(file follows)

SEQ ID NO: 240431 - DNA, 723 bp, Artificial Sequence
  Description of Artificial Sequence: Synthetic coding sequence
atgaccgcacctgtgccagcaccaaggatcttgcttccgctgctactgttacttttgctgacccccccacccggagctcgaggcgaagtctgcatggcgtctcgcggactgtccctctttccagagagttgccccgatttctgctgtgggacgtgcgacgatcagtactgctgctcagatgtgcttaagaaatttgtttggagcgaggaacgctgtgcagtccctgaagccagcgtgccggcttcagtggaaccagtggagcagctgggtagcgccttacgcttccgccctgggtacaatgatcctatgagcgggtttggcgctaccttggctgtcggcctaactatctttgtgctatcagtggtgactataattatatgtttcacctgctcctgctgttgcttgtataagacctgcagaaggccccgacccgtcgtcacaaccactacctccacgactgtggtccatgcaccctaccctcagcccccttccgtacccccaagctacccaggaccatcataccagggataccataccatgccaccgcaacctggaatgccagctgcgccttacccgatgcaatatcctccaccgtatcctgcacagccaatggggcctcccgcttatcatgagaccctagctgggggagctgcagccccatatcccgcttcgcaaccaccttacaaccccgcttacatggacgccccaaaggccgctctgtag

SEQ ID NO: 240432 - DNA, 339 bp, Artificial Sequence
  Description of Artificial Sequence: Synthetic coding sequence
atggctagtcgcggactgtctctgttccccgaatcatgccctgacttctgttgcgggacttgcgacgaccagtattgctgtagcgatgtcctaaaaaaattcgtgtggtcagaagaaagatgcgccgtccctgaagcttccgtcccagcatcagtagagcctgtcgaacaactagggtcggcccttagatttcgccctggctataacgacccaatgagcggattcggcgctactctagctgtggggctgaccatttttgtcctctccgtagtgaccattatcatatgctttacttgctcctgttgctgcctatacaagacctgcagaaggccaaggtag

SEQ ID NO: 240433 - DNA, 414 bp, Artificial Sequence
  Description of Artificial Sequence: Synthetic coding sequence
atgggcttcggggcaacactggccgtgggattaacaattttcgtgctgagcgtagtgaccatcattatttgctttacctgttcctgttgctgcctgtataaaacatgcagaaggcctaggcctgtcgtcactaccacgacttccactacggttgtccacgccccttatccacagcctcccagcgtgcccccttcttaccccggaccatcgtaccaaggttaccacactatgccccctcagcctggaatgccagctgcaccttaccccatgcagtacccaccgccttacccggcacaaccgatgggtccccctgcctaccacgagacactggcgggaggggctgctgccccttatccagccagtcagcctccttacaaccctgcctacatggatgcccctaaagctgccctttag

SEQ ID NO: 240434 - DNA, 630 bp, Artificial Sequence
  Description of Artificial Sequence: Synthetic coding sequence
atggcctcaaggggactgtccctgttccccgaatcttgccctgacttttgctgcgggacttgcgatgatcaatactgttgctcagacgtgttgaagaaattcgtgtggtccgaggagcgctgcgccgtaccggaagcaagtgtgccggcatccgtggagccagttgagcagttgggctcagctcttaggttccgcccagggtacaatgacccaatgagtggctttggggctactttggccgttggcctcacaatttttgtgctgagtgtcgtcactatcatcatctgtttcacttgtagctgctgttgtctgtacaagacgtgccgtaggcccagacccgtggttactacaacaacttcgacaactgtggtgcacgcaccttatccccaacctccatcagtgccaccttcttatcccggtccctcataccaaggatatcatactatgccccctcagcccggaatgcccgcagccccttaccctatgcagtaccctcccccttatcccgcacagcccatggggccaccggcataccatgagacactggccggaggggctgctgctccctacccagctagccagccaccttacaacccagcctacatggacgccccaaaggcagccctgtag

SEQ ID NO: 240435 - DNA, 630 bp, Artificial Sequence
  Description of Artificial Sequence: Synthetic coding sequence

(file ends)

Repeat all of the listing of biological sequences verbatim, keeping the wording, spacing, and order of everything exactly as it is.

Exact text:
SEQ ID NO: 240431 - DNA, 723 bp, Artificial Sequence
  Description of Artificial Sequence: Synthetic coding sequence
atgaccgcacctgtgccagcaccaaggatcttgcttccgctgctactgttacttttgctgacccccccacccggagctcgaggcgaagtctgcatggcgtctcgcggactgtccctctttccagagagttgccccgatttctgctgtgggacgtgcgacgatcagtactgctgctcagatgtgcttaagaaatttgtttggagcgaggaacgctgtgcagtccctgaagccagcgtgccggcttcagtggaaccagtggagcagctgggtagcgccttacgcttccgccctgggtacaatgatcctatgagcgggtttggcgctaccttggctgtcggcctaactatctttgtgctatcagtggtgactataattatatgtttcacctgctcctgctgttgcttgtataagacctgcagaaggccccgacccgtcgtcacaaccactacctccacgactgtggtccatgcaccctaccctcagcccccttccgtacccccaagctacccaggaccatcataccagggataccataccatgccaccgcaacctggaatgccagctgcgccttacccgatgcaatatcctccaccgtatcctgcacagccaatggggcctcccgcttatcatgagaccctagctgggggagctgcagccccatatcccgcttcgcaaccaccttacaaccccgcttacatggacgccccaaaggccgctctgtag

SEQ ID NO: 240432 - DNA, 339 bp, Artificial Sequence
  Description of Artificial Sequence: Synthetic coding sequence
atggctagtcgcggactgtctctgttccccgaatcatgccctgacttctgttgcgggacttgcgacgaccagtattgctgtagcgatgtcctaaaaaaattcgtgtggtcagaagaaagatgcgccgtccctgaagcttccgtcccagcatcagtagagcctgtcgaacaactagggtcggcccttagatttcgccctggctataacgacccaatgagcggattcggcgctactctagctgtggggctgaccatttttgtcctctccgtagtgaccattatcatatgctttacttgctcctgttgctgcctatacaagacctgcagaaggccaaggtag

SEQ ID NO: 240433 - DNA, 414 bp, Artificial Sequence
  Description of Artificial Sequence: Synthetic coding sequence
atgggcttcggggcaacactggccgtgggattaacaattttcgtgctgagcgtagtgaccatcattatttgctttacctgttcctgttgctgcctgtataaaacatgcagaaggcctaggcctgtcgtcactaccacgacttccactacggttgtccacgccccttatccacagcctcccagcgtgcccccttcttaccccggaccatcgtaccaaggttaccacactatgccccctcagcctggaatgccagctgcaccttaccccatgcagtacccaccgccttacccggcacaaccgatgggtccccctgcctaccacgagacactggcgggaggggctgctgccccttatccagccagtcagcctccttacaaccctgcctacatggatgcccctaaagctgccctttag

SEQ ID NO: 240434 - DNA, 630 bp, Artificial Sequence
  Description of Artificial Sequence: Synthetic coding sequence
atggcctcaaggggactgtccctgttccccgaatcttgccctgacttttgctgcgggacttgcgatgatcaatactgttgctcagacgtgttgaagaaattcgtgtggtccgaggagcgctgcgccgtaccggaagcaagtgtgccggcatccgtggagccagttgagcagttgggctcagctcttaggttccgcccagggtacaatgacccaatgagtggctttggggctactttggccgttggcctcacaatttttgtgctgagtgtcgtcactatcatcatctgtttcacttgtagctgctgttgtctgtacaagacgtgccgtaggcccagacccgtggttactacaacaacttcgacaactgtggtgcacgcaccttatccccaacctccatcagtgccaccttcttatcccggtccctcataccaaggatatcatactatgccccctcagcccggaatgcccgcagccccttaccctatgcagtaccctcccccttatcccgcacagcccatggggccaccggcataccatgagacactggccggaggggctgctgctccctacccagctagccagccaccttacaacccagcctacatggacgccccaaaggcagccctgtag

SEQ ID NO: 240435 - DNA, 630 bp, Artificial Sequence
  Description of Artificial Sequence: Synthetic coding sequence